In this tutorial, we will cover the steps needed for installing Docker Compose on a CentOS 7 VPS, as well as go over a few commands you can do with Docker Compose.
Docker Compose is a tool designed to run multiple Docker applications at the same time. Compose can be used to run a stand-alone application as well as communicate with the other containers present on the same host. With Compose you use a YAML file to configure all of your Docker containers and configurations all in one place.
Table of Contents
- For the purposes of this tutorial, we will use a CentOS 7 VPS.
- Full SSH root access or a user with sudo privileges is also required.
- Have Docker already installed
Let’s begin with the installation.
Step 1: Connect via SSH and Update
Connect to your server via SSH as the root user using the following command:
ssh root@IP_ADDRESS -p PORT_NUMBER
Remember to replace “IP_ADDRESS” and “PORT_NUMBER” with your server’s respective IP address and SSH port number.
Before starting with the installation, you will need to update your system packages to their latest versions. It’s easy to do, and it won’t take more than a few minutes.
You can do this by running the following command:
sudo yum -y update
Once the updates are completed, we can move on to the next step.
Step 2: Install Docker Compose on CentOS 7
We will get the latest version of Docker Compose by installing it from the official Docker GitHub repository. To install Docker Compose on CentOS 7, please follow these steps:
We will start downloading the Docker Compose binary into the /usr/local/bin directory using the ‘curl’ command:
sudo curl -L "https://github.com/docker/compose/releases/download/1.24.1/docker-compose-$(uname -s)-$(uname -m)" -o /usr/local/bin/docker-compose
Once the download is completed, we will set the permissions for the Compose binary:
sudo chmod +x /usr/local/bin/docker-compose
We can then verify the installation by checking the Compose version with the following command:
The output should look to the following:
docker-compose version 1.24.0, build h16727c
We have installed Docker Compose successfully. Now we will show you some useful Docker Compose commands.
Step 3: Using the Docker Compose Command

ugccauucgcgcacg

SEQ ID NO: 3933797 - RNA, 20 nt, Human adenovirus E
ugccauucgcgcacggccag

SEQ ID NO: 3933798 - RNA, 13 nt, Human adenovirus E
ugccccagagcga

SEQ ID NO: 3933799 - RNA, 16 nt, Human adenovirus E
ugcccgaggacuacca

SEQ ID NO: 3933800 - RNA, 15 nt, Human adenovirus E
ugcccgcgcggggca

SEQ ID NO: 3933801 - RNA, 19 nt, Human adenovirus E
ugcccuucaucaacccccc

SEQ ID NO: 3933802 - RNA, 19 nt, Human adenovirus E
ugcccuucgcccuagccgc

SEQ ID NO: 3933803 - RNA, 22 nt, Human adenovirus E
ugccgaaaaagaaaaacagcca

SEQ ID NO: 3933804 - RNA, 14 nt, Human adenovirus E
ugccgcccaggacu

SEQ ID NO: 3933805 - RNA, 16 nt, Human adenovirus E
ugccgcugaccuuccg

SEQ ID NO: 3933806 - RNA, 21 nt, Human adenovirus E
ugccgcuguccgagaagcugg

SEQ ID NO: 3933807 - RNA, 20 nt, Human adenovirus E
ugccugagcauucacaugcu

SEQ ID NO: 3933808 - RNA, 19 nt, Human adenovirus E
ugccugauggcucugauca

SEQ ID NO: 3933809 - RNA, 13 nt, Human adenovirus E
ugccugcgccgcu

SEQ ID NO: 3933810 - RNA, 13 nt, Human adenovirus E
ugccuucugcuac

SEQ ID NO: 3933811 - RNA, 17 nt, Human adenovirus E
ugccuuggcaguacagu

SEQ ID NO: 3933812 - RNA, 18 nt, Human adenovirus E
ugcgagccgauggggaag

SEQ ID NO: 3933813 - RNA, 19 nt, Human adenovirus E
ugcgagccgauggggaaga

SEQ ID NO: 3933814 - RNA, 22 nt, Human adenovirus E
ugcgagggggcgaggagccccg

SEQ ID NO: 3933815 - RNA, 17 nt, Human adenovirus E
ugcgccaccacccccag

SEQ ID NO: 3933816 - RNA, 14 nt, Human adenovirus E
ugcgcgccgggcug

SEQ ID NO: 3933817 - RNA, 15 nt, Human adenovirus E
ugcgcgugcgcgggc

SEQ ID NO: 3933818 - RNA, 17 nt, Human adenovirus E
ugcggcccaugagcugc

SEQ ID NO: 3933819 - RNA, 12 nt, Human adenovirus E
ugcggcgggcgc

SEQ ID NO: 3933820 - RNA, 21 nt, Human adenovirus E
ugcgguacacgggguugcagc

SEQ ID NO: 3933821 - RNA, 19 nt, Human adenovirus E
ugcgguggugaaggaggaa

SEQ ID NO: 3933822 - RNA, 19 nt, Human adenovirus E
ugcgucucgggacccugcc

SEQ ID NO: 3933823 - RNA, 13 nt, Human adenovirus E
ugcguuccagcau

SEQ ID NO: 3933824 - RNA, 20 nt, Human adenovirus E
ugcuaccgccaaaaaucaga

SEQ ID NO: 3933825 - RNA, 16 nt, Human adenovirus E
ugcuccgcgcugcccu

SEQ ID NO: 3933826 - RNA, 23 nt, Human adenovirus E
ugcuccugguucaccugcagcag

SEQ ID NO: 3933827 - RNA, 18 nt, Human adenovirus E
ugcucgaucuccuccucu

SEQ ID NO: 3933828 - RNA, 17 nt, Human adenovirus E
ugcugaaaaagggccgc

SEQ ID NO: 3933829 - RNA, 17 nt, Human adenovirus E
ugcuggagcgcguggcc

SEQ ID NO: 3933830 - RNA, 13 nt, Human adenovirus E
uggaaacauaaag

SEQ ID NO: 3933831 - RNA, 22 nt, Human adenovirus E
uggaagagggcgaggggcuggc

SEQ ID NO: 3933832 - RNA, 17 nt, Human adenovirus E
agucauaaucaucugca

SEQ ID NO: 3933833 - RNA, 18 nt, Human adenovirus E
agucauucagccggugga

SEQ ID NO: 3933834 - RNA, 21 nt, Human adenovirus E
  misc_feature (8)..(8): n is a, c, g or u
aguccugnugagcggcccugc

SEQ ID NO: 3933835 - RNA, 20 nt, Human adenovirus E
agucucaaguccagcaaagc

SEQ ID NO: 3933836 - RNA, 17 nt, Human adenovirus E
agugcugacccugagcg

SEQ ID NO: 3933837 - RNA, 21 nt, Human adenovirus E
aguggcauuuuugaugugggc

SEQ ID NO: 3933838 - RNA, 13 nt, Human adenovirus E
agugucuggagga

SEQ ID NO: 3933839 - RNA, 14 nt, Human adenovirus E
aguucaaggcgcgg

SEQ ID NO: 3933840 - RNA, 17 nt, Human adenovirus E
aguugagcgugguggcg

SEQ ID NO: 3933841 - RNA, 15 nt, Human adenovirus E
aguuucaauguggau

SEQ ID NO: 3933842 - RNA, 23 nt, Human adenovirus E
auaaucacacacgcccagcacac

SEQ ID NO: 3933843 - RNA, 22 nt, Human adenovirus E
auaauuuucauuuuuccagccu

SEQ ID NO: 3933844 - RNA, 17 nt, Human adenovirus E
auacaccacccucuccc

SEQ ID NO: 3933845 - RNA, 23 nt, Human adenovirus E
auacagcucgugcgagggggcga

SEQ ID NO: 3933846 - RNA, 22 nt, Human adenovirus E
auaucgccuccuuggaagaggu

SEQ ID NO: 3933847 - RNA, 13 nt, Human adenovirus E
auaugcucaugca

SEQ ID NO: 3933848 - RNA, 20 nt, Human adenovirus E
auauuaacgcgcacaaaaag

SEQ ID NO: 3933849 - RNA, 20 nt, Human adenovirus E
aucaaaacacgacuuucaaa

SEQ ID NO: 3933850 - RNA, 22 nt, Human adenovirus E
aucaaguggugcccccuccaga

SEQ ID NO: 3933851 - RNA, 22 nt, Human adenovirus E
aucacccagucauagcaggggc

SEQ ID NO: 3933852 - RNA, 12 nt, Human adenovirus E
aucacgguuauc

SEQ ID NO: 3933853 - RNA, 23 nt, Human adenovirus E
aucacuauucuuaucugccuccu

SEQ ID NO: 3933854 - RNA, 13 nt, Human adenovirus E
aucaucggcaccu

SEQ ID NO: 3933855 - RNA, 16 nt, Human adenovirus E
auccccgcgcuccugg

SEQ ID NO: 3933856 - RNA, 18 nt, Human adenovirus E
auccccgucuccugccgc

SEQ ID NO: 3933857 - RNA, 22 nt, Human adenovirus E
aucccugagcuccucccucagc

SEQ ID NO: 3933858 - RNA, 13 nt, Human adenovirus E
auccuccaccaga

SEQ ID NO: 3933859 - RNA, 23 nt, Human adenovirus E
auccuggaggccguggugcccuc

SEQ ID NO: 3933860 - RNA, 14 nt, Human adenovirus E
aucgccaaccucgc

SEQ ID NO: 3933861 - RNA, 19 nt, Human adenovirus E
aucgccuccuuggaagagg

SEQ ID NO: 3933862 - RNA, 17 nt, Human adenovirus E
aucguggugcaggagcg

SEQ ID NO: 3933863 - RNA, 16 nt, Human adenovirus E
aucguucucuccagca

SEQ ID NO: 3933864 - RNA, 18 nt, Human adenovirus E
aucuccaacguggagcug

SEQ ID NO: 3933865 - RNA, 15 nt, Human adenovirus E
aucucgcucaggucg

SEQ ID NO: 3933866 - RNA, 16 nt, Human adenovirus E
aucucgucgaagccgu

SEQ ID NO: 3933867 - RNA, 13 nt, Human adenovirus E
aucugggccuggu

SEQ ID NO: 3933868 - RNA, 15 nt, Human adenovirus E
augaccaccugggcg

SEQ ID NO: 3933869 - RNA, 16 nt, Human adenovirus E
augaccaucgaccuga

In this part, we will show you how to use the Docker Compose command to create a container with Docker Compose.
You can see the options available for a specific command by executing the following command:
docker-compose docker-subcommand --help
If you execute the following command:
docker-compose up --help
The output should look similar to the following:
Usage: up [options] [--scale SERVICE=NUM...] [SERVICE...] Options: -d, --detach Detached mode: Run containers in the background, print new container names. Incompatible with --abort-on-container-exit. --no-color Produce monochrome output. --quiet-pull Pull without printing progress information --no-deps Don't start linked services. --force-recreate Recreate containers even if their configuration and image haven't changed. --always-recreate-deps Recreate dependent containers. Incompatible with --no-recreate. --no-recreate If containers already exist, don't recreate them. Incompatible with --force-recreate and -V. --no-build Don't build an image, even if it's missing. --no-start Don't start the services after creating them. --build Build images before starting containers. --abort-on-container-exit Stops all containers if any container was stopped. Incompatible with -d. -t, --timeout TIMEOUT Use this timeout in seconds for container shutdown when attached or when containers are already running. (default: 10) -V, --renew-anon-volumes Recreate anonymous volumes instead of retrieving data from the previous containers. --remove-orphans Remove containers for services not defined in the Compose file. --exit-code-from SERVICE Return the exit code of the selected service container. Implies --abort-on-container-exit. --scale SERVICE=NUM Scale SERVICE to NUM instances. Overrides the `scale` setting in the Compose file if present.